Does the benefit of reperfusion in patients with ischemic stroke with perfusion imaging mismatch vary in trials of intravenous thrombolysis beyond 4.5 hours?
In this meta-analysis of 2 randomized clinical trials that included 295 patients, reperfusion was strongly associated with improved functional outcomes in 4.5- to 6-hours, 6- to 9-hours, and wake-up stroke time epochs with no heterogeneity in the beneficial association of reperfusion with outcomes by time to randomization and similar risk of symptomatic intracerebral hemorrhage.
These data provide reassurance that the benefits and risks of thrombolysis-induced reperfusion are consistent across the 4.5- to 6-hours, 6- to 9-hours, and wake-up stroke patient groups selected using perfusion mismatch.
Intravenous alteplase reduces disability after ischemic stroke in patients 4.5 to 9 hours after onset and with wake-up onset stroke selected using perfusion imaging mismatch. However, whether the benefit is consistent across the 4.5- to 6-hours, 6- to 9-hours, and wake-up stroke epochs is uncertain.
To examine the association of reperfusion with reduced disability, including by onset-to-randomization time strata in the Extending the Time for Thrombolysis in Emergency Neurological Deficits (EXTEND) and Echoplanar Imaging Thrombolytic Evaluation Trial (EPITHET) randomized clinical trials.
Design, Setting, and Participants
Individual patient meta-analysis of randomized clinical trials performed from August 2001 to June 2018 with 3-month follow-up. Patients had acute ischemic stroke with 4.5-to 9-hours poststroke onset or with wake-up stroke were randomized to alteplase or placebo after perfusion mismatch imaging. Analysis began July 2019 and ended May 2020.
Reperfusion was defined as more than 90% reduction in time to maximum of more than 6 seconds’ lesion volume at 24- to 72-hour follow-up.
Main Outcomes and Measures
Ordinal logistic regression adjusted for baseline age and National Institutes of Health Stroke Scale score was used to analyze functional improvement in day 90 modified Rankin Scale score overall, including a reperfusion × time-to-randomization multiplicative interaction term, and in the 4.5- to 6-hours, 6- to 9-hours, and wake-up time strata. Symptomatic hemorrhage was defined as large parenchymal hematoma with a National Institutes of Health Stroke Scale score increase of 4 points or more.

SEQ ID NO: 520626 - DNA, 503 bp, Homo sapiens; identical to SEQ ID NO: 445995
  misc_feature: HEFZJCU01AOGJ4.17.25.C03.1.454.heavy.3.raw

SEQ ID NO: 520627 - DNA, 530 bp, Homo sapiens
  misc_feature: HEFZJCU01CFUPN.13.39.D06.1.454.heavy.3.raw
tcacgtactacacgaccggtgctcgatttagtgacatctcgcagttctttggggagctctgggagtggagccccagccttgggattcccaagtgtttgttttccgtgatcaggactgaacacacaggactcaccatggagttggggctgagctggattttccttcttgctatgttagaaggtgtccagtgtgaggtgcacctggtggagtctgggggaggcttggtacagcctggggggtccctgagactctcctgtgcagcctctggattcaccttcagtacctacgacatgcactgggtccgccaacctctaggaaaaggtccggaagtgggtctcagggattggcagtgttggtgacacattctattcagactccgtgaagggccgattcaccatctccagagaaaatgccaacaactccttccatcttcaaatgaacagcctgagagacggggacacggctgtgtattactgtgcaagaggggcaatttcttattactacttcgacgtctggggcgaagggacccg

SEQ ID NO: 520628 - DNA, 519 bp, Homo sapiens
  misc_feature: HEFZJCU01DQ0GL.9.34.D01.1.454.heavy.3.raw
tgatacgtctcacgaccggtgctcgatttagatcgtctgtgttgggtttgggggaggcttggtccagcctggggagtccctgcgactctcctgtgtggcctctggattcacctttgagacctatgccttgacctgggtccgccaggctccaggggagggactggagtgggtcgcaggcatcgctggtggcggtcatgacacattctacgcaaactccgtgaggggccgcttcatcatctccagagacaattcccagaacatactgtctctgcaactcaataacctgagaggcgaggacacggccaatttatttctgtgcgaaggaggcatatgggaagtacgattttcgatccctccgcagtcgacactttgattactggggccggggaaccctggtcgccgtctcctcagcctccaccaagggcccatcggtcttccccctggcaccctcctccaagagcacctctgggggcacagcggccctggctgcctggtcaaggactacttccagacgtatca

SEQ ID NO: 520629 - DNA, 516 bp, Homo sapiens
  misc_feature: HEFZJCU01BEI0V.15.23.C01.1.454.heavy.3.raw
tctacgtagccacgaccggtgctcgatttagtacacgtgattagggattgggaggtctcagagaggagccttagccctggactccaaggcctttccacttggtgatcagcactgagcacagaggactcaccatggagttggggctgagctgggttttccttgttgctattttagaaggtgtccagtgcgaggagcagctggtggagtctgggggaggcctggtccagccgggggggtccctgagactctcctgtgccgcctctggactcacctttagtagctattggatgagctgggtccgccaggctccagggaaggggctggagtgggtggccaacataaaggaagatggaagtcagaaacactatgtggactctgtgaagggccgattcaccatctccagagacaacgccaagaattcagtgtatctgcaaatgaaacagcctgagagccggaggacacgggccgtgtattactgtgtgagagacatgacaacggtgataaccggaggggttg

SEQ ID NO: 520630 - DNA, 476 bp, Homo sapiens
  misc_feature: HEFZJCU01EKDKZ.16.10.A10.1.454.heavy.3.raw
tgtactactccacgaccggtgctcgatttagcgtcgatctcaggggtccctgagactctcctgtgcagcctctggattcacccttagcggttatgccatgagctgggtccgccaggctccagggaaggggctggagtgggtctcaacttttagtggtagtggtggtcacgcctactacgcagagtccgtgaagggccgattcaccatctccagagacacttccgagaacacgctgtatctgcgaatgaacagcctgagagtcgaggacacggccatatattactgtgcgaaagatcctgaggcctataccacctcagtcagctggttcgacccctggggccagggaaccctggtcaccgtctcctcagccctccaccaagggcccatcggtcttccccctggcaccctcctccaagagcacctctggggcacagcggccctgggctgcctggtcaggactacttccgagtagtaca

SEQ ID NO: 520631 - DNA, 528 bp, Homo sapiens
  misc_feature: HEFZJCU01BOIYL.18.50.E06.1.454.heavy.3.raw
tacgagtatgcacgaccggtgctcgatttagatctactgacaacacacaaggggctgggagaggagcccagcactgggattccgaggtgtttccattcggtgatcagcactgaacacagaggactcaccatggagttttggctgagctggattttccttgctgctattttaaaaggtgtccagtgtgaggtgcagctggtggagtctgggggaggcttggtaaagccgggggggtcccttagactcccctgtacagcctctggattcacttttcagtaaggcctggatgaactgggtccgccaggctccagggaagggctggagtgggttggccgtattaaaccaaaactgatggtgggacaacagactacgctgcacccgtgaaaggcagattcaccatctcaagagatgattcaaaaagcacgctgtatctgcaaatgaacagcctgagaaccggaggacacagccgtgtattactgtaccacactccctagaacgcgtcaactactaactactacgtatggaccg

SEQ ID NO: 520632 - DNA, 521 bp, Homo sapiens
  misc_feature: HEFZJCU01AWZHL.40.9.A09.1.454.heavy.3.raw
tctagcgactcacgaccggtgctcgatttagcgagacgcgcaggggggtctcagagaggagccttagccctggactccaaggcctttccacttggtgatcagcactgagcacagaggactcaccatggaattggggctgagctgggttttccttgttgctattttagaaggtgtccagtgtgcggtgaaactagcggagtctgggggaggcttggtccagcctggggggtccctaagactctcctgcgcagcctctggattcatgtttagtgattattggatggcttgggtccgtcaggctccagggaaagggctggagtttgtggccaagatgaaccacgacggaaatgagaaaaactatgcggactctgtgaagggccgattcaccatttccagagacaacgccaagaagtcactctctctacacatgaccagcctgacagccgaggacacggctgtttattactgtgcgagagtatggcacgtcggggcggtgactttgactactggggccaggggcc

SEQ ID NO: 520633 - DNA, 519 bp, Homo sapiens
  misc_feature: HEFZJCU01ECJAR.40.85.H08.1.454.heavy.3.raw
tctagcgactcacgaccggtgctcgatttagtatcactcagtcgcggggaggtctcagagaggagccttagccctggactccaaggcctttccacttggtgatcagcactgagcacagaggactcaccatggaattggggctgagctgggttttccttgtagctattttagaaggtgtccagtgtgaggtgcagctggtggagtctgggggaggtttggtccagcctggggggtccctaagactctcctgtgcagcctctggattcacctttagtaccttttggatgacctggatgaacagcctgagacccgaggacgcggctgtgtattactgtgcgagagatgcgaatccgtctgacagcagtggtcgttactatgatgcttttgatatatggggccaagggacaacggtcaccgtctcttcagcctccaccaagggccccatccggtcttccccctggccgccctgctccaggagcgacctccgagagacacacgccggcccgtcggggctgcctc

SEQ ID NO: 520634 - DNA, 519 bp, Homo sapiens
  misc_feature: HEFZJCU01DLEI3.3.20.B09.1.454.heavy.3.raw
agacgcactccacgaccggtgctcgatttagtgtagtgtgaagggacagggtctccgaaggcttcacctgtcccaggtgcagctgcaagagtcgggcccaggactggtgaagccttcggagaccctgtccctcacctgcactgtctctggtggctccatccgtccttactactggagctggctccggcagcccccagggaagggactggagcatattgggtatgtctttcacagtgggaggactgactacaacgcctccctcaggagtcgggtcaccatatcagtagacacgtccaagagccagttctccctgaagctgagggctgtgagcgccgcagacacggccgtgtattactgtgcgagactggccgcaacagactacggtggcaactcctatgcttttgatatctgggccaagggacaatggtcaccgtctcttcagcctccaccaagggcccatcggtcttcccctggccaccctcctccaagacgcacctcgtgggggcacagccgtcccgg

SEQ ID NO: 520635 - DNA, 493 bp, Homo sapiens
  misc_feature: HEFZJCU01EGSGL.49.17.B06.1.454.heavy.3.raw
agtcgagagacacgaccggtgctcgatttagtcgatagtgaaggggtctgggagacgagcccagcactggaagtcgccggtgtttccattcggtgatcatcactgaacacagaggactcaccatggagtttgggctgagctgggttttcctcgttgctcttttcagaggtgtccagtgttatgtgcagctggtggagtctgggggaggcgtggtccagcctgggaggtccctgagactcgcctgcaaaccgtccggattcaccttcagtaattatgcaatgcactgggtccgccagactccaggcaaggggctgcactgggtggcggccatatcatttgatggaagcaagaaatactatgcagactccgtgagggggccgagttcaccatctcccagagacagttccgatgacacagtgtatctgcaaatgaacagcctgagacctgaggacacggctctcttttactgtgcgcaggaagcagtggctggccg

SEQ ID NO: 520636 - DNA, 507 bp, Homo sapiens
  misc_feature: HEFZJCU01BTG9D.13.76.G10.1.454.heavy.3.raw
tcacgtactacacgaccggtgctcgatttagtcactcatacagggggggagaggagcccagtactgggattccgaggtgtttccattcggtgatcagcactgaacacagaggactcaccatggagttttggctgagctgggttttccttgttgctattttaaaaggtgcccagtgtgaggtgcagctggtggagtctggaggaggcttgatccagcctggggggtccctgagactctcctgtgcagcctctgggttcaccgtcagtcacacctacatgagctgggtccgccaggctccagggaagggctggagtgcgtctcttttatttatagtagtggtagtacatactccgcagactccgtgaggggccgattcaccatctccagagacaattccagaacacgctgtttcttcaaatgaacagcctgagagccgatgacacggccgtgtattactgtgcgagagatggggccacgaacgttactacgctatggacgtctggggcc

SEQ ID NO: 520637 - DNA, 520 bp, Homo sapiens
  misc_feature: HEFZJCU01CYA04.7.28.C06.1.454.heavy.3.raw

Reperfusion was assessable in 270 of 295 patients (92%), 68 of 133 (51%) in the alteplase group, and 38 of 137 (28%) in the placebo reperfused group (P < .001). The median (interquartile range) age was 76 (66-81) years in the reperfusion group vs 74 (64.5-81.0) years in the group with no reperfusion. The median (interquartile range) baseline National Institutes of Health Stroke Scale score was 10 (7-15) in the reperfusion group vs 12 (8.0-17.5) in the no reperfusion group. Overall, reperfusion was associated with improved functional outcome (common odds ratio, 7.7; 95% CI, 4.6-12.8; P < .001). Reperfusion was associated with significantly improved functional outcome in each of the 4.5- to 6-hours, 6- to 9-hours, and wake-up time strata, with no evidence of association between time to randomization and beneficial effect of reperfusion (P = .63). Symptomatic hemorrhage, assessed in all 294 patients, occurred in 3 of 51 (5.9%) in the 4.5- to 6-hours group, 2 of 28 (7.1%) in the 6- to 9-hours group, and 4 of 73 (5.5%) in the wake-up stroke in patients treated with alteplase (Fisher P = .91).
Conclusions and Relevance
Strong benefits of reperfusion in all time strata without differential risk in symptomatic hemorrhage support the consistent treatment effect of alteplase in perfusion mismatch–selected patients throughout the 4.5- to 9-hours and wake-up stroke time window.
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Campbell BCV, Ma H, Parsons MW, et al. Association of Reperfusion After Thrombolysis With Clinical Outcome Across the 4.5- to 9-Hours and Wake-up Stroke Time Window: A Meta-Analysis of the EXTEND and EPITHET Randomized Clinical Trials. JAMA Neurol. 2021;78(2):236–240. doi:10.1001/jamaneurol.2020.4123
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